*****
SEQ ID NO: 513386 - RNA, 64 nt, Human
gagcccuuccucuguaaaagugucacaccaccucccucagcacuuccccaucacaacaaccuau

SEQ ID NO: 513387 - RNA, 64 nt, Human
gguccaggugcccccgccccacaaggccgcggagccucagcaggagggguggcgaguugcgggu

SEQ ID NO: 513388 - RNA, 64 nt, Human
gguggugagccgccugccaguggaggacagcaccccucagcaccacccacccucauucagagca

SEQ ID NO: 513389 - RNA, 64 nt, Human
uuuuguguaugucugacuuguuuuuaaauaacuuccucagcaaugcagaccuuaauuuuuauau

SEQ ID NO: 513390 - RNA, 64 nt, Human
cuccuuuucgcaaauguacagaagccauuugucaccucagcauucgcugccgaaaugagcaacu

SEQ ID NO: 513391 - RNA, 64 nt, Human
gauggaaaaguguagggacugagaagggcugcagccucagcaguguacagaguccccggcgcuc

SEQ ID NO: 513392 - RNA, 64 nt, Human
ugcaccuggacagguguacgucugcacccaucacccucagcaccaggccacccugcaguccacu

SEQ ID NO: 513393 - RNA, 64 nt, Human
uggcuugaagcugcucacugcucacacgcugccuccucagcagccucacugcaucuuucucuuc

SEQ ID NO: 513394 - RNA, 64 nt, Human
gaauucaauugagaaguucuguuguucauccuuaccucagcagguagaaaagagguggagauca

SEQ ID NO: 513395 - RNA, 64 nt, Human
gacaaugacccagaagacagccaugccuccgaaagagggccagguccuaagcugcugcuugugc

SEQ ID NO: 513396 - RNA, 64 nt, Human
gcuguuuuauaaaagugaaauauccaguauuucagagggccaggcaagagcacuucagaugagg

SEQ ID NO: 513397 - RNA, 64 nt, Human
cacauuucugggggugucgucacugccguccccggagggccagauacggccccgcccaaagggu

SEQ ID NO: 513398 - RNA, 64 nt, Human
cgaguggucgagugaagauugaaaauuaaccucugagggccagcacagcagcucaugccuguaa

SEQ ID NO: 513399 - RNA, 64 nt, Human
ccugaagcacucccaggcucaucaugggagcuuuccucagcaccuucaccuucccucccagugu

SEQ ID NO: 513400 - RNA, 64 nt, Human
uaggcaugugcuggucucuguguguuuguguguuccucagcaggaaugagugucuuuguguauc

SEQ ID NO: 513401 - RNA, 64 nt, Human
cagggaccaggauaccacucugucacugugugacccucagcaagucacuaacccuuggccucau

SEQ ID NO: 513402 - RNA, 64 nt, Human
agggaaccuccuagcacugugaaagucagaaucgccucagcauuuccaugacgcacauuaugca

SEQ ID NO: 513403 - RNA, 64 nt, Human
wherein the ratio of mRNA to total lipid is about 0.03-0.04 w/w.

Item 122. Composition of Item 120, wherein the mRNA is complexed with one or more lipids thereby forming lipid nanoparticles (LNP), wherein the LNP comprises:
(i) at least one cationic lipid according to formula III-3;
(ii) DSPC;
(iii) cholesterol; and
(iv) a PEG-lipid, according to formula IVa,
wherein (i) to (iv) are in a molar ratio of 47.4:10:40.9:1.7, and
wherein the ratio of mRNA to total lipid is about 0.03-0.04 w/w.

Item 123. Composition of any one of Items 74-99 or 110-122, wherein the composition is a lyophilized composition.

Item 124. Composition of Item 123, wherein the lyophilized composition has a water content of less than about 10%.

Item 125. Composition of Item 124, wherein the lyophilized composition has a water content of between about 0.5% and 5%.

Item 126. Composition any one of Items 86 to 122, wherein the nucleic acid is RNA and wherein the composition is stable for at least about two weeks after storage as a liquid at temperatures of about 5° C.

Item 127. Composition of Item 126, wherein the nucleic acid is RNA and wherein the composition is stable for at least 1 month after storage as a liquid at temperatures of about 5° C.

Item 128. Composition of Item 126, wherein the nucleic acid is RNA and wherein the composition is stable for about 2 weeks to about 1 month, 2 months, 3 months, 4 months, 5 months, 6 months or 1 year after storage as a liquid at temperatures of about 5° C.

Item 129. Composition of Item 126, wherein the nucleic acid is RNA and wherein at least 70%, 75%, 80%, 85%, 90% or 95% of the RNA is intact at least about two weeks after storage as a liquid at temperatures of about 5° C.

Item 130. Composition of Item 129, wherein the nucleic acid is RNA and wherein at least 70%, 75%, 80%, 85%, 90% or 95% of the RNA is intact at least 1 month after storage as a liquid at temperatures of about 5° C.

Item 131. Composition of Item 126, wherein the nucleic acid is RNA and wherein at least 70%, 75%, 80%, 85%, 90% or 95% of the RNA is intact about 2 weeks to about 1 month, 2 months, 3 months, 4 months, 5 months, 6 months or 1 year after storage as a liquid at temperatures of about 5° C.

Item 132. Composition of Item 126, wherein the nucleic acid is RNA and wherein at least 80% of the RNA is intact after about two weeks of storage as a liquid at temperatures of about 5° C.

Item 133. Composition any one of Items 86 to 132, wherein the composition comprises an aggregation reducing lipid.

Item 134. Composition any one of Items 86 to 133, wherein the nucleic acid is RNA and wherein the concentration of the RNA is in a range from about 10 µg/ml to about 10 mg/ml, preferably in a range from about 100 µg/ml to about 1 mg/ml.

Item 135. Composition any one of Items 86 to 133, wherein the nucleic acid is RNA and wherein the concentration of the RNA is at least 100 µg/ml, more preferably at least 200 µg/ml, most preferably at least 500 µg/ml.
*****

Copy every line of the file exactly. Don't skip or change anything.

SEQ ID NO: 513386 - RNA, 64 nt, Human
gagcccuuccucuguaaaagugucacaccaccucccucagcacuuccccaucacaacaaccuau

SEQ ID NO: 513387 - RNA, 64 nt, Human
gguccaggugcccccgccccacaaggccgcggagccucagcaggagggguggcgaguugcgggu

SEQ ID NO: 513388 - RNA, 64 nt, Human
gguggugagccgccugccaguggaggacagcaccccucagcaccacccacccucauucagagca

SEQ ID NO: 513389 - RNA, 64 nt, Human
uuuuguguaugucugacuuguuuuuaaauaacuuccucagcaaugcagaccuuaauuuuuauau

SEQ ID NO: 513390 - RNA, 64 nt, Human
cuccuuuucgcaaauguacagaagccauuugucaccucagcauucgcugccgaaaugagcaacu

SEQ ID NO: 513391 - RNA, 64 nt, Human
gauggaaaaguguagggacugagaagggcugcagccucagcaguguacagaguccccggcgcuc

SEQ ID NO: 513392 - RNA, 64 nt, Human
ugcaccuggacagguguacgucugcacccaucacccucagcaccaggccacccugcaguccacu

SEQ ID NO: 513393 - RNA, 64 nt, Human
uggcuugaagcugcucacugcucacacgcugccuccucagcagccucacugcaucuuucucuuc

SEQ ID NO: 513394 - RNA, 64 nt, Human
gaauucaauugagaaguucuguuguucauccuuaccucagcagguagaaaagagguggagauca

SEQ ID NO: 513395 - RNA, 64 nt, Human
gacaaugacccagaagacagccaugccuccgaaagagggccagguccuaagcugcugcuugugc

SEQ ID NO: 513396 - RNA, 64 nt, Human
gcuguuuuauaaaagugaaauauccaguauuucagagggccaggcaagagcacuucagaugagg

SEQ ID NO: 513397 - RNA, 64 nt, Human
cacauuucugggggugucgucacugccguccccggagggccagauacggccccgcccaaagggu

SEQ ID NO: 513398 - RNA, 64 nt, Human
cgaguggucgagugaagauugaaaauuaaccucugagggccagcacagcagcucaugccuguaa

SEQ ID NO: 513399 - RNA, 64 nt, Human
ccugaagcacucccaggcucaucaugggagcuuuccucagcaccuucaccuucccucccagugu

SEQ ID NO: 513400 - RNA, 64 nt, Human
uaggcaugugcuggucucuguguguuuguguguuccucagcaggaaugagugucuuuguguauc

SEQ ID NO: 513401 - RNA, 64 nt, Human
cagggaccaggauaccacucugucacugugugacccucagcaagucacuaacccuuggccucau

SEQ ID NO: 513402 - RNA, 64 nt, Human
agggaaccuccuagcacugugaaagucagaaucgccucagcauuuccaugacgcacauuaugca

SEQ ID NO: 513403 - RNA, 64 nt, Human
wherein the ratio of mRNA to total lipid is about 0.03-0.04 w/w.

Item 122. Composition of Item 120, wherein the mRNA is complexed with one or more lipids thereby forming lipid nanoparticles (LNP), wherein the LNP comprises:
(i) at least one cationic lipid according to formula III-3;
(ii) DSPC;
(iii) cholesterol; and
(iv) a PEG-lipid, according to formula IVa,
wherein (i) to (iv) are in a molar ratio of 47.4:10:40.9:1.7, and
wherein the ratio of mRNA to total lipid is about 0.03-0.04 w/w.

Item 123. Composition of any one of Items 74-99 or 110-122, wherein the composition is a lyophilized composition.

Item 124. Composition of Item 123, wherein the lyophilized composition has a water content of less than about 10%.

Item 125. Composition of Item 124, wherein the lyophilized composition has a water content of between about 0.5% and 5%.

Item 126. Composition any one of Items 86 to 122, wherein the nucleic acid is RNA and wherein the composition is stable for at least about two weeks after storage as a liquid at temperatures of about 5° C.

Item 127. Composition of Item 126, wherein the nucleic acid is RNA and wherein the composition is stable for at least 1 month after storage as a liquid at temperatures of about 5° C.

Item 128. Composition of Item 126, wherein the nucleic acid is RNA and wherein the composition is stable for about 2 weeks to about 1 month, 2 months, 3 months, 4 months, 5 months, 6 months or 1 year after storage as a liquid at temperatures of about 5° C.

Item 129. Composition of Item 126, wherein the nucleic acid is RNA and wherein at least 70%, 75%, 80%, 85%, 90% or 95% of the RNA is intact at least about two weeks after storage as a liquid at temperatures of about 5° C.

Item 130. Composition of Item 129, wherein the nucleic acid is RNA and wherein at least 70%, 75%, 80%, 85%, 90% or 95% of the RNA is intact at least 1 month after storage as a liquid at temperatures of about 5° C.

Item 131. Composition of Item 126, wherein the nucleic acid is RNA and wherein at least 70%, 75%, 80%, 85%, 90% or 95% of the RNA is intact about 2 weeks to about 1 month, 2 months, 3 months, 4 months, 5 months, 6 months or 1 year after storage as a liquid at temperatures of about 5° C.

Item 132. Composition of Item 126, wherein the nucleic acid is RNA and wherein at least 80% of the RNA is intact after about two weeks of storage as a liquid at temperatures of about 5° C.

Item 133. Composition any one of Items 86 to 132, wherein the composition comprises an aggregation reducing lipid.

Item 134. Composition any one of Items 86 to 133, wherein the nucleic acid is RNA and wherein the concentration of the RNA is in a range from about 10 µg/ml to about 10 mg/ml, preferably in a range from about 100 µg/ml to about 1 mg/ml.

Item 135. Composition any one of Items 86 to 133, wherein the nucleic acid is RNA and wherein the concentration of the RNA is at least 100 µg/ml, more preferably at least 200 µg/ml, most preferably at least 500 µg/ml.